Conococheague Creek Aqueduct Closed

After three days of constant rain in the Potomac basin, the river’s banks filled to the brim and threatened the low-lying areas along the floodplain–including the C&O Canal National Historical Park. Polly #5 is an avid cyclist who enjoys riding on the C&O’s towpath, and she was concerned that the flood waters would do damage to the trail and interrupt her upcoming Cumberland, Md. to Georgetown, DC adventure.

Being the curious frog, she drew up a map and picked three likely places to survey the situation: Williamsport, Hancock, and Sideling Hill Creek. We weren’t sure what we were getting ourselves into, but the first look at the Potomac River was both awe-inspiring and reassuring.

None of us had ever seen THAT much water before, but we were pleased to see that neither Williamsport nor the C&O Canal were in any immediate danger.

One of the first things visitors see from the Cushwa Basin parking lot is the Conococheague Creek Aqueduct. The water from the creek washed a large amount of debris against the upstream portion of the aqueduct, and the area where the towpath crosses the creek was flooded, but there didn’t seem to be any serious damage.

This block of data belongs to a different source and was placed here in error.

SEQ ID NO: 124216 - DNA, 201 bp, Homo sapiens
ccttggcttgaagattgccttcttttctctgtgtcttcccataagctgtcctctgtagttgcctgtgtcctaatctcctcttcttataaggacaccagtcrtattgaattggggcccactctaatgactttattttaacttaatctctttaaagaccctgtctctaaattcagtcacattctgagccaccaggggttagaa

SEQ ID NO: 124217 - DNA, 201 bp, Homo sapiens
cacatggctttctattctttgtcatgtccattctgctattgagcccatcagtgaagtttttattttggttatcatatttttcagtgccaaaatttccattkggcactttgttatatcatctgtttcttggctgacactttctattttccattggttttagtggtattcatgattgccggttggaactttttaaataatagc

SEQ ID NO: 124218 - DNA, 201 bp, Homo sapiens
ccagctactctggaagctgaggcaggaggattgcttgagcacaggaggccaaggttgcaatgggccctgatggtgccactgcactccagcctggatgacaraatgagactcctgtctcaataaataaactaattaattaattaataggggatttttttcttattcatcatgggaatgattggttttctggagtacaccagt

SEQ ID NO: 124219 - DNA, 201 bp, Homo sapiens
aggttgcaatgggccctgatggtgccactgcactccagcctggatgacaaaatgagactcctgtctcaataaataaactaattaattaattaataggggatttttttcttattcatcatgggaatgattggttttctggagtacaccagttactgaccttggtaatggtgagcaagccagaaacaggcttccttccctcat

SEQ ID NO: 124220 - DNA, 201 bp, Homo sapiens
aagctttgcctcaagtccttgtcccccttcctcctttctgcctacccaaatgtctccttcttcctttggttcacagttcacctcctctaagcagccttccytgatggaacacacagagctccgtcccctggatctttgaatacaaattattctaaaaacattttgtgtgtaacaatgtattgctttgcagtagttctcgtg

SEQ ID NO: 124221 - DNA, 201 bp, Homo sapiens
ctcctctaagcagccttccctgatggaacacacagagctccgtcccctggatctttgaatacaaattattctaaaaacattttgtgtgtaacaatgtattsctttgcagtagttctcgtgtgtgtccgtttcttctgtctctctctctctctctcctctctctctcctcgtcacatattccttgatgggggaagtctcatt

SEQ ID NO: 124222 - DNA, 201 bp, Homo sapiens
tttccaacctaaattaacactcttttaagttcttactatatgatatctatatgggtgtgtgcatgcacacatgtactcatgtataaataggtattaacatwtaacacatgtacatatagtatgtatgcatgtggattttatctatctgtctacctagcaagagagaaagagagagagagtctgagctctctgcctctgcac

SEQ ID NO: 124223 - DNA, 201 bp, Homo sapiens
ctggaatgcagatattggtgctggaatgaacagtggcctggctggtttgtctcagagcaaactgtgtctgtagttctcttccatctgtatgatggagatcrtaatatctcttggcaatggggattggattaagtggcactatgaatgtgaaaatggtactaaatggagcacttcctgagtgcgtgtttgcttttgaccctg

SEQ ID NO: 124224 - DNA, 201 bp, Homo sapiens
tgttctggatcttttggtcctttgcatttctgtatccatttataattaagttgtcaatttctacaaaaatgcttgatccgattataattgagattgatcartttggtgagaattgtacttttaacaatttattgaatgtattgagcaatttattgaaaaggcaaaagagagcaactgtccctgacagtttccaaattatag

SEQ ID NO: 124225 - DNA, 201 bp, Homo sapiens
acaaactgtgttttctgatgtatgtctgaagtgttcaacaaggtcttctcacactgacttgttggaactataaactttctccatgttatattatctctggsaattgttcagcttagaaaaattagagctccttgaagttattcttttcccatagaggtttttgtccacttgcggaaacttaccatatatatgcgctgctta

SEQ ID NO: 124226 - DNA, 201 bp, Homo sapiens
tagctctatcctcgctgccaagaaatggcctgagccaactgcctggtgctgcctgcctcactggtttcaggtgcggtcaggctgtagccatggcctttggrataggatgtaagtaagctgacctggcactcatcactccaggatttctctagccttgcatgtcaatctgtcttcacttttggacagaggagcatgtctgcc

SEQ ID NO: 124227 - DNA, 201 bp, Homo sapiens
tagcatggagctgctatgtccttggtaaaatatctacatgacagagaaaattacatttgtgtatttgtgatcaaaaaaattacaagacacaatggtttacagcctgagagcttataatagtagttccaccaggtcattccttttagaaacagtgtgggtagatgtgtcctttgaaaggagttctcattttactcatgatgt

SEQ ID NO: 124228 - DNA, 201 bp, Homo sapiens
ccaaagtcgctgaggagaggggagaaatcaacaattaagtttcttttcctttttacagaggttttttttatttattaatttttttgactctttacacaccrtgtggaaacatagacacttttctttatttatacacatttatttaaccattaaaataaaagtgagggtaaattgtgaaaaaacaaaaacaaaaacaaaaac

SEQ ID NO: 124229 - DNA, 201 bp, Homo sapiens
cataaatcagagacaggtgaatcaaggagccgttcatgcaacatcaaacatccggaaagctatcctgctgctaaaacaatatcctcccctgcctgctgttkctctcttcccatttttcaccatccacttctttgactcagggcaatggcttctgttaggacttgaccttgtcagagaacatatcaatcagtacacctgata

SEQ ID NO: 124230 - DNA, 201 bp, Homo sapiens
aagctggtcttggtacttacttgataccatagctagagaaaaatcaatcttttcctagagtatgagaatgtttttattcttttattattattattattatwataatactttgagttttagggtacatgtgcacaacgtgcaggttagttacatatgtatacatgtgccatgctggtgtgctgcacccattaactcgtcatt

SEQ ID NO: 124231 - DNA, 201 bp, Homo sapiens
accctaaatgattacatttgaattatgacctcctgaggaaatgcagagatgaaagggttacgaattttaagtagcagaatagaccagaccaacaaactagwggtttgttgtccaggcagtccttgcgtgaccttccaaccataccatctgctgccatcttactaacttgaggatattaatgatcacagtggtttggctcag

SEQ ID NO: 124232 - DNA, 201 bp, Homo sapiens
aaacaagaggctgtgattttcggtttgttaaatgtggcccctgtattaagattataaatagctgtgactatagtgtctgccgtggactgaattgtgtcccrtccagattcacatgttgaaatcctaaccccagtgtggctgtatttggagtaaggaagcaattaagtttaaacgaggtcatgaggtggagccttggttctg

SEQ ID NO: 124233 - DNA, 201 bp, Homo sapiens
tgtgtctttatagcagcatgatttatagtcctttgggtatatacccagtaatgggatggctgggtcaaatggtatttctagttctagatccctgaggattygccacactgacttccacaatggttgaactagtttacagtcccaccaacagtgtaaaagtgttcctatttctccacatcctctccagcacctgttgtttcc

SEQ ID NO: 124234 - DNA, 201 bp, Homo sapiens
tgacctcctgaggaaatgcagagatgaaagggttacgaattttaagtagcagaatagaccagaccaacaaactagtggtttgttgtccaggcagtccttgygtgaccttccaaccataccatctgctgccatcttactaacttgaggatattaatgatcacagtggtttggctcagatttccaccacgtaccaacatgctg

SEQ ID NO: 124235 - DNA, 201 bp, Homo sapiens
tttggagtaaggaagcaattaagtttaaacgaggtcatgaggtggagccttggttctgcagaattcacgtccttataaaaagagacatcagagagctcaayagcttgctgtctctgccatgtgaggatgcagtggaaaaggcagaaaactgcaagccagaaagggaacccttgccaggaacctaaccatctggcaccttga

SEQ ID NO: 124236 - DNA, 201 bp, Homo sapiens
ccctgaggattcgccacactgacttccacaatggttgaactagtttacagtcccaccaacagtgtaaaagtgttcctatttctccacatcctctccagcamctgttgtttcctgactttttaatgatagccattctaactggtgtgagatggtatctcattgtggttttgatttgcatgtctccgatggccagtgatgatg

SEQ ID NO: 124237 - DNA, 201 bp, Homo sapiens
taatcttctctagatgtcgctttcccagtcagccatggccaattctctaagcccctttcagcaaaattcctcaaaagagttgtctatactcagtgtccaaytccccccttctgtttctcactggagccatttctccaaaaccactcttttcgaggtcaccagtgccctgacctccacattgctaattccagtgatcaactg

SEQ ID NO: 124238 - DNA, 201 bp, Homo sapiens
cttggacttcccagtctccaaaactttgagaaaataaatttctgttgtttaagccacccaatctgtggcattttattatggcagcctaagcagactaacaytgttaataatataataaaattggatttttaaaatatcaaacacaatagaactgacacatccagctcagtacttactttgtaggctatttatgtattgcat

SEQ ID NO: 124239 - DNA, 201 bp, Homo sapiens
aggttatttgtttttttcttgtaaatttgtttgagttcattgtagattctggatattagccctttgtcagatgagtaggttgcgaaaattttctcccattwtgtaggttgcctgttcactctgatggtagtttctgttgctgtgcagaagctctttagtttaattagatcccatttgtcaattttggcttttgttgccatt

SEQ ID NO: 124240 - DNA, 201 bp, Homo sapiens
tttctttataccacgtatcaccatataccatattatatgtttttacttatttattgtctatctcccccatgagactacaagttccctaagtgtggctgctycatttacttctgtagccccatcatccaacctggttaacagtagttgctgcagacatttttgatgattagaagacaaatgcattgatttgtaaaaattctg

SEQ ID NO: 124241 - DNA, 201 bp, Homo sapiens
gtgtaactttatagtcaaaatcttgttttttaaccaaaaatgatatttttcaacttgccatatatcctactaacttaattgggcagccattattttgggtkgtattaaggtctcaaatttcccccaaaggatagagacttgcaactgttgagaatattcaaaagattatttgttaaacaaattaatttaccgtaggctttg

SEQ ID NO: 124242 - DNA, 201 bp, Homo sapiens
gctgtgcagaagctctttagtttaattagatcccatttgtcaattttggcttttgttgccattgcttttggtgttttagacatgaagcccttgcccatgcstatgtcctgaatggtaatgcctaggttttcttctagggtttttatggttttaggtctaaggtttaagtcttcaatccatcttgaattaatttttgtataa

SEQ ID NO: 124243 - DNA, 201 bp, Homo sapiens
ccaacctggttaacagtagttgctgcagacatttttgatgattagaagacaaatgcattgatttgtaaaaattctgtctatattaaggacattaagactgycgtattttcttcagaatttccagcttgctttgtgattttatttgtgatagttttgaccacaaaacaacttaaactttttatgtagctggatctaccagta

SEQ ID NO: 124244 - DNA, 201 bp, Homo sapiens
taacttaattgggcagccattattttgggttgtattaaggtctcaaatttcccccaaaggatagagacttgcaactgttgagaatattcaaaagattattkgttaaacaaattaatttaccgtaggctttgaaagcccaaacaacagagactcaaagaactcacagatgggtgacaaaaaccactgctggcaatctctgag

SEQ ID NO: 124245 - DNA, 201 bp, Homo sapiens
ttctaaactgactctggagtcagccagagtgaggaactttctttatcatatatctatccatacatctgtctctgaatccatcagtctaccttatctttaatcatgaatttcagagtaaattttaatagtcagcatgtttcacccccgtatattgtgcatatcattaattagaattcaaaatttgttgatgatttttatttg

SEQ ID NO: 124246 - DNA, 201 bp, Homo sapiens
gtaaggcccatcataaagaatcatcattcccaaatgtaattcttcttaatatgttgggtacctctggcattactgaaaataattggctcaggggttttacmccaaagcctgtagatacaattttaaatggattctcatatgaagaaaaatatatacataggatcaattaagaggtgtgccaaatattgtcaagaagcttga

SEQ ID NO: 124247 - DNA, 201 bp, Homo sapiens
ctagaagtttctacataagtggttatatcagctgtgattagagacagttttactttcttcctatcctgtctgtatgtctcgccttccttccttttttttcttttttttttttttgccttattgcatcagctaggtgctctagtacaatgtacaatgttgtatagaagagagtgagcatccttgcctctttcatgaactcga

My human checking out the scene...

It doesn't look safe beyond this point!

A little ways downstream, the geese seemed to be enjoying themselves in a quiet spot along the riverbank. This area is usually the beginning of a boat ramp, but today it appeared to be under several feet of water. We soon found out that there were lots of places that are usually on dry land that were submerged by the swollen river.

I think I'll stay on the bank for now.

After leaving Williamsport, we headed up I-70 and checked out Hancock, Md. Hancock’s main street is relatively close to the river, and we were worried that some houses and businesses may have fallen victim to the flood. Although the river raged, none of the town was in imminent danger, and one of the locals informed us that the Potomac had nearly crested. Nevertheless, a riverside picnic area was under water, and many people looked on at the mighty river.